Burritos are fun to fill and fold and to eat. Jumbo Mission-style burritos are trendy now; here's how to make them at home.
Turn a taco into a burrito simply by folding the tortilla differently. Burritos start with flour tortillas that are folded and rolled to completely enclose the filling. Fry them and you get a chimichanga -- a specialty of Sonora, Mexico. Supersize the tortilla and fill it with rice, meat, beans, and more, and you have a Mission-style burrito (see recipes below) popularized in the Mission District of San Francisco.
There are no set rules for filling a burrito. Pack them with a variety of fillings or just pick one or two. Mission-style burritos usually contain rice and beans and, if desired, chicken or meat. For other filling ideas, try chopped onions or sauteed onions and peppers, sliced avocado or guacamole, shredded cheese, salsa, or one of these recipes:
Choose 8- to 10-inch flour tortillas for burritos since they need to be large enough to fold. Place them in a stack and splash with a few drops water before wrapping tightly in foil. Bake in a 350°F oven for 10 minutes or until heated through. This makes the tortillas pliable and easier to roll and fold.
Spoon fillings onto each tortilla just below the center, loading on only as much filling as the tortilla can hold and still be folded and rolled (figure no more than 1 1/2 cups for a 10-inch tortilla). Fold the bottom edge up and over the filling.
Fold the opposite sides in and over the filling. Roll up the burrito from the bottom. Secure with toothpicks if needed.
Cooking the burritos makes the outside of the tortillas pleasantly crisp and heats the fillings through.
To bake, place burritos on a baking sheet, seam sides down. Bake in a 350°F oven for 10 to 12 minutes or until heated through.
To cook on the stove, lightly oil a large skillet or griddle and heat over medium heat. Place burritos, seam side down, in the skillet or on the griddle and cook for 2 to 4 minutes or until burritos are browned on both sides, turning once.
If desired, top burritos with guacamole and lettuce Red Chile Sauce, or salsa and Mexican crema or sour cream.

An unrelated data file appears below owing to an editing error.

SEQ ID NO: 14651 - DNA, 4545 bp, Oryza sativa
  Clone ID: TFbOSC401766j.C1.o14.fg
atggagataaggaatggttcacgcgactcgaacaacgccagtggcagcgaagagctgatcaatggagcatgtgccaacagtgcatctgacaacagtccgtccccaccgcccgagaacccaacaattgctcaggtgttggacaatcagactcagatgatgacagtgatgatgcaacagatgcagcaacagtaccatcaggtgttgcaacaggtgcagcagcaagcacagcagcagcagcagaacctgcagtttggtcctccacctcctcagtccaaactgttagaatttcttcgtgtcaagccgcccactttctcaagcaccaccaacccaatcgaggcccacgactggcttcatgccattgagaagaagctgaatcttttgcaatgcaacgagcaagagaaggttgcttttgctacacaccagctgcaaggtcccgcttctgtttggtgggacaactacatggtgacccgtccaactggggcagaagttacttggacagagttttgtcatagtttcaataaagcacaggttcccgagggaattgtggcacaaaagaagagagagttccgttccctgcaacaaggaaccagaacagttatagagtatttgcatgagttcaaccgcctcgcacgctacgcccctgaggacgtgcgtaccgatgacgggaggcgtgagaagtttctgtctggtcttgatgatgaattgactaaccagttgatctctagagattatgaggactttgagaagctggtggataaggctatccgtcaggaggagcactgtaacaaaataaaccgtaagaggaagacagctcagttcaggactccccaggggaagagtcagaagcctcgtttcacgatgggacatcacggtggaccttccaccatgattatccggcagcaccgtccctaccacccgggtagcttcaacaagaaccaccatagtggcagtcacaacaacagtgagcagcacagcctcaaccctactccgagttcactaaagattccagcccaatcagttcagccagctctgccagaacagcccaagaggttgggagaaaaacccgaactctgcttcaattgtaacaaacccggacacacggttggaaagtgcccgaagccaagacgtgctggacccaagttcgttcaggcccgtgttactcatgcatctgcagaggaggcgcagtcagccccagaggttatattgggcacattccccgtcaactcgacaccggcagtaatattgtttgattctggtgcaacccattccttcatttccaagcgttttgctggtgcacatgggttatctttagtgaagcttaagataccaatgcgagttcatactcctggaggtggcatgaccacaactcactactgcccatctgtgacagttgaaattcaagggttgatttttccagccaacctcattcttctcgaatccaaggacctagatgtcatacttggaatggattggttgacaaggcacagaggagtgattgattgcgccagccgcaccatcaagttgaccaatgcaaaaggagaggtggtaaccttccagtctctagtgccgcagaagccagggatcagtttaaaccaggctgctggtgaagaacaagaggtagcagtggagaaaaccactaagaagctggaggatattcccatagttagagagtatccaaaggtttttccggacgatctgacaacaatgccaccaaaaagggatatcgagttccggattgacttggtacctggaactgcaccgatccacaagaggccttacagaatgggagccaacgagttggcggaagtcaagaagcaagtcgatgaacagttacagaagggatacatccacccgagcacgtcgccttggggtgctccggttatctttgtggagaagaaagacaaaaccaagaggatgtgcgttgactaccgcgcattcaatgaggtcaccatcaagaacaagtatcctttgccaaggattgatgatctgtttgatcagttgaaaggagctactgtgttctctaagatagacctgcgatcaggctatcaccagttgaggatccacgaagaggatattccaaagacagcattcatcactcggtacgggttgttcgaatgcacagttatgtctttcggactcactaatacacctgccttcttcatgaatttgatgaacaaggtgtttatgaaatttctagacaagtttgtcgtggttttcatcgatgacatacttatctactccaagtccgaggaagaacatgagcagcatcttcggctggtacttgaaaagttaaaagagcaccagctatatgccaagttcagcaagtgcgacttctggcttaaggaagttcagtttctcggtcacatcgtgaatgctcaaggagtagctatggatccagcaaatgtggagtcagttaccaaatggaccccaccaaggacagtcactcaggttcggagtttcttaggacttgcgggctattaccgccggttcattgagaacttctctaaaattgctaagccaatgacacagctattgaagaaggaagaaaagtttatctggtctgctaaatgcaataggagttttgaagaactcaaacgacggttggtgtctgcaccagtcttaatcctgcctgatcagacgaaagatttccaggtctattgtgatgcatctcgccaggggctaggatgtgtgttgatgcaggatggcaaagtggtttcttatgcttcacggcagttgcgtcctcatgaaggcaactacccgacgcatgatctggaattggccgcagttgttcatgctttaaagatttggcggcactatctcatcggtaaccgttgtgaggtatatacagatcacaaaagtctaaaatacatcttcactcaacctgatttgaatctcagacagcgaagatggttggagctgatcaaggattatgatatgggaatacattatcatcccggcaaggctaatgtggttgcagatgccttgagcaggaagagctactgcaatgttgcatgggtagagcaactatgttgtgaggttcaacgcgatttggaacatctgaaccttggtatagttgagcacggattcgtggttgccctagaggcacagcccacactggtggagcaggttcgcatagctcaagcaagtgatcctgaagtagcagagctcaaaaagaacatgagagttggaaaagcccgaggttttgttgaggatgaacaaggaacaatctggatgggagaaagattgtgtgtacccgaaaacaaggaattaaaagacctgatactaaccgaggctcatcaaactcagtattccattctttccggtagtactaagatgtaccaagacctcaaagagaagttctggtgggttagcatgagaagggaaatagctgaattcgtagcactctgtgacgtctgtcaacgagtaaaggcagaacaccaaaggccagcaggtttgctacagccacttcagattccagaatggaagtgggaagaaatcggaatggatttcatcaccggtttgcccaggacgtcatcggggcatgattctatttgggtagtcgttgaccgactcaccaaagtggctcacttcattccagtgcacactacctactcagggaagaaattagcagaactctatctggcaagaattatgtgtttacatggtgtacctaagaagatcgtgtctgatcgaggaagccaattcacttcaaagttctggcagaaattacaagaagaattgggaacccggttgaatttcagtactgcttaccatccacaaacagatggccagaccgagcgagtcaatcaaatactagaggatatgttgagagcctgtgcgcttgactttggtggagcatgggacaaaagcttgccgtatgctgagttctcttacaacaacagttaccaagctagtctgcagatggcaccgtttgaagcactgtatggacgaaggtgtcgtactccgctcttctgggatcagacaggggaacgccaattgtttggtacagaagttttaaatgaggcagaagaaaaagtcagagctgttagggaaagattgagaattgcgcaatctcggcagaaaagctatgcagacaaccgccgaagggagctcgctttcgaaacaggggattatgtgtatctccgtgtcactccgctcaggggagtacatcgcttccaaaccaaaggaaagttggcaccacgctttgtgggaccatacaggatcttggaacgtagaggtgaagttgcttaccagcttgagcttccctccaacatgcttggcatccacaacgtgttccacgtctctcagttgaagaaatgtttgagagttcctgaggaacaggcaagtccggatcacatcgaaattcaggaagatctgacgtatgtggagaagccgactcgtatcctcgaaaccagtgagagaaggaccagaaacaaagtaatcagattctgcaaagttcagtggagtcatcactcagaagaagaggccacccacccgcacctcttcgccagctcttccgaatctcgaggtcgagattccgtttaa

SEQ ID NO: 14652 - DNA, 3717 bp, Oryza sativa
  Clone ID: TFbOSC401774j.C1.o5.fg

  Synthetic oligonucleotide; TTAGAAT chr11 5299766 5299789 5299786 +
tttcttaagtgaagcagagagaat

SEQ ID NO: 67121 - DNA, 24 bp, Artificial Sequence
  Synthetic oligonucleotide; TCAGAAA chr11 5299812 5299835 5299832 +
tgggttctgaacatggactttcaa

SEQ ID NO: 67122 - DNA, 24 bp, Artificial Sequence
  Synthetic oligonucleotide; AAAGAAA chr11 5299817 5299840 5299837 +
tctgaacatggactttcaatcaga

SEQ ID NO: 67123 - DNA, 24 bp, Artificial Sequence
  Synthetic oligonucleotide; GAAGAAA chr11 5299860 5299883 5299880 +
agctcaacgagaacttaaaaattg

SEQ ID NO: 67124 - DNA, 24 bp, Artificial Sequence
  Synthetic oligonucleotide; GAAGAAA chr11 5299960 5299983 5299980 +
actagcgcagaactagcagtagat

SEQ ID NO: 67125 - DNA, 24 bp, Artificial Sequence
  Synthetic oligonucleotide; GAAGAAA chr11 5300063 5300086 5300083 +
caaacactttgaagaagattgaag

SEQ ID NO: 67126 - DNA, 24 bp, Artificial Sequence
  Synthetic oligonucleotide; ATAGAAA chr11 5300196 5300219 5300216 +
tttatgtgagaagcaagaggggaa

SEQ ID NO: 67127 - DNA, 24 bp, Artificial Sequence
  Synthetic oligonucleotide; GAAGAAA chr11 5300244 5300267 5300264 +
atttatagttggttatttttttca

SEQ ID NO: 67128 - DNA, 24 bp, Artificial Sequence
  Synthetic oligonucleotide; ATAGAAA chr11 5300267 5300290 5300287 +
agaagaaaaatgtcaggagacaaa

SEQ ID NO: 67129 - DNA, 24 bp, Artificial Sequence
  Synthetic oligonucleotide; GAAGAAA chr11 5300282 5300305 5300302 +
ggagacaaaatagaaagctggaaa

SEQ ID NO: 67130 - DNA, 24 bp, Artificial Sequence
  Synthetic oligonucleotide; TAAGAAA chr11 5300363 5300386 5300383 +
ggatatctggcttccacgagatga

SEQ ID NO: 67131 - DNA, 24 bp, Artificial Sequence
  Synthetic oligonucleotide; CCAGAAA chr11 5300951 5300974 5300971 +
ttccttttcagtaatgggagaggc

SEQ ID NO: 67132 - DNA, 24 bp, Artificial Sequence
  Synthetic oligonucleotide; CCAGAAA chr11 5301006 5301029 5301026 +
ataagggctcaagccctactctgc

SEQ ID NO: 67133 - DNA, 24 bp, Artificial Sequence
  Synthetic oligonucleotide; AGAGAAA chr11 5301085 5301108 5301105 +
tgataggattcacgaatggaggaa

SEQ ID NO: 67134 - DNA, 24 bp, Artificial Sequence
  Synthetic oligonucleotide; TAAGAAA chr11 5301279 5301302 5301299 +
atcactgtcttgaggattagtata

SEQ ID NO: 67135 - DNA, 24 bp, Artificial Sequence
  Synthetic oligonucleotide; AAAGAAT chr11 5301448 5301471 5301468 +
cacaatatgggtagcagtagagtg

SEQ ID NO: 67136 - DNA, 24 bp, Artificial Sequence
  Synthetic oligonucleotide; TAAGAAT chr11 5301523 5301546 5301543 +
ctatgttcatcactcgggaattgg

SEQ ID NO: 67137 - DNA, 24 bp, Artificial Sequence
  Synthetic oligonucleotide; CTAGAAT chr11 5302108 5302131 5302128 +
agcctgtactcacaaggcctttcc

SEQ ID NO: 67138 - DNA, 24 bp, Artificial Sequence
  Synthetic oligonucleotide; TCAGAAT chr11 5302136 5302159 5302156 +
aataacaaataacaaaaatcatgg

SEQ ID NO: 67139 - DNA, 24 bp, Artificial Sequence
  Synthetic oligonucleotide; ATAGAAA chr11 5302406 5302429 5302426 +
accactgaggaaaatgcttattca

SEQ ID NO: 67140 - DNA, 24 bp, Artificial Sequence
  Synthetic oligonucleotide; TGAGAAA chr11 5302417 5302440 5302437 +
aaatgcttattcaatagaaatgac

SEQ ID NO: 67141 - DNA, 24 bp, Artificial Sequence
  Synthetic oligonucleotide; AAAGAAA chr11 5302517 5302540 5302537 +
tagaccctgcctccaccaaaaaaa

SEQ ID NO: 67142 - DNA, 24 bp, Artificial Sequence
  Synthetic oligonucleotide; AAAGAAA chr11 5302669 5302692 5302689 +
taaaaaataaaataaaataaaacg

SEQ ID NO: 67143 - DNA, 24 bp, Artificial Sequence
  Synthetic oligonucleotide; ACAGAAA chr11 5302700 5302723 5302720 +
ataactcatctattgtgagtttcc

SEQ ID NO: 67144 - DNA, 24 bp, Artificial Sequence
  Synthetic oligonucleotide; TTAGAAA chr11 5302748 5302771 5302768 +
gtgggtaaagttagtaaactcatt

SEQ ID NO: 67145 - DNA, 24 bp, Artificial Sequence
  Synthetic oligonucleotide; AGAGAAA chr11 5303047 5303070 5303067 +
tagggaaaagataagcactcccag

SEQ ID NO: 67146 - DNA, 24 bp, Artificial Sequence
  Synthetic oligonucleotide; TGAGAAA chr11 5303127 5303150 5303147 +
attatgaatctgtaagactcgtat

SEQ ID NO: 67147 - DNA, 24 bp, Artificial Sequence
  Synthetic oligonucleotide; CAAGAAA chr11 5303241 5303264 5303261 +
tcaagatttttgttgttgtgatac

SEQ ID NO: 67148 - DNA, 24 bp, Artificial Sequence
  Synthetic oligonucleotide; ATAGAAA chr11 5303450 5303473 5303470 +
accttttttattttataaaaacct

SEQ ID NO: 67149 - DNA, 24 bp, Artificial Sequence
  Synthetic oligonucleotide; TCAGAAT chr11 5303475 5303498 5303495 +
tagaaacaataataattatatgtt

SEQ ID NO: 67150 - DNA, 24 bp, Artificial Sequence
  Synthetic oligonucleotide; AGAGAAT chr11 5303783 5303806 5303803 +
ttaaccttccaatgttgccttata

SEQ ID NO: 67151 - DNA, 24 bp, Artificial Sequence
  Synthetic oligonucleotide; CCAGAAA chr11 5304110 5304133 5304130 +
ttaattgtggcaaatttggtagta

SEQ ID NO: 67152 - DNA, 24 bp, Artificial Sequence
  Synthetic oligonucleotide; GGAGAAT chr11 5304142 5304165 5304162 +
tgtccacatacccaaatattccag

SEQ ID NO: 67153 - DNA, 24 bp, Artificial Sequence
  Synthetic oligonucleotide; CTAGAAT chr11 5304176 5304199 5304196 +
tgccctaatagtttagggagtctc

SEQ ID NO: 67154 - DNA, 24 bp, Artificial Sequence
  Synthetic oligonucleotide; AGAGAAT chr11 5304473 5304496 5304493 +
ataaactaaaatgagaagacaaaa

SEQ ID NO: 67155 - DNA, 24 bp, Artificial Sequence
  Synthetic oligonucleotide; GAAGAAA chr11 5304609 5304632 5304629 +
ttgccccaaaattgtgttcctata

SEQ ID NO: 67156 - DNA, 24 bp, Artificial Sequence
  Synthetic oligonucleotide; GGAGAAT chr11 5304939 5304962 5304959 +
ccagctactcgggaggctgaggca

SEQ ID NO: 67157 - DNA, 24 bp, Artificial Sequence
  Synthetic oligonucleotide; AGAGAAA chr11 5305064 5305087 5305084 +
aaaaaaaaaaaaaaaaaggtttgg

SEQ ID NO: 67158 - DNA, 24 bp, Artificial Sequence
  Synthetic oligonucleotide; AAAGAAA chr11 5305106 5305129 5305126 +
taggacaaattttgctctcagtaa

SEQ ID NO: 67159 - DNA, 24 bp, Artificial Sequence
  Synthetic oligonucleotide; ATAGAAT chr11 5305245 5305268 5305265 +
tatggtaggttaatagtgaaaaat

Peppers can be found all over the world and in all sorts of colors, shapes, sizes, and levels of heat. So how do you find a pepper to fit your culinary style? From sweet bells to fiery habaneros, let us show you the tips and tricks so you can pick your perfect peppers. Late summer and early fall are the best time to get peppers in season. They should be bright, shiny, and have smooth unwrinkled skin. Be sure to avoid peppers that have moldy stems or soft spots. Select peppers that have a vibrant color, firm feel, symmetrical shape, and are heavy. Firmer peppers are most likely matured on the plant and will have better flavor. All peppers fall into two categories--sweet and hot. Let's take a look at some popular pepper varieties. Sweet peppers, such as bell peppers or cubanells can be found in green, red, yellow, orange, purple, or even white. Sweet peppers can be eaten raw, added to soups or salads, and are also great for roasting and grilling. If you like it hot, check out the chili peppers. Jalapeo peppers are the most familiar hot pepper, are rich in flavor, and have a good amount of heat. Jalapeos are great in salsas, Mexican food, and as a garnish. Anaheim chili peppers are larger and have a shiny thick skin and bright green color. Anaheims range from mild and sweet to moderately hot and can be chopped into salsas and casserole dishes. Hungarian wax peppers are a pastel, yellow colored chili similar to the sweeter banana pepper. It's usually used for Hungarian soups and stews but is good in salsas or as a garnish. Serrano peppers are a small, waxy, green chili that ripen to a bright red color. Their thin walls make them a less meaty chili and you can use serrano chilies anywhere you might use jalapeos. Poblano chilies are dark green, heart-shaped peppers that have thick walls and are rather mild which makes them perfect for stuffing and adds a deep rich flavor to soups and chilies. Fresno peppers are bright green and turn red when fully mature. Fresno peppers look much like a jalapeo with a more tapered point and are great in salsas. Habaneros and scotch bonnets top the scale in heat and are very similar. Like most other chilies, they start green and mature to orange and red color when they ripen. Habaneros are used in salsas and salad dressing, while scotch bonnet's distinct flavor are great for Caribbean and jerk dishes. Both sweet and hot peppers can be refrigerated in a plastic bag for up to one week. Chili peppers contain oils that can burn your skin and eyes. Always wear rubber or plastic gloves when handling fresh chilies and wash your hands, knives, and all surfaces thoroughly afterward with soap and water. When cutting and slicing peppers, start at the stem and cut vertically all the wan around the pepper stem. Remove the stem, core, seeds, and membrane which can be bitter. So whether you're looking to add a little flavor and color to a kebab or wanna add a little heat to your next salsa, remember this guide in your pursuit of the perfectly picked pepper.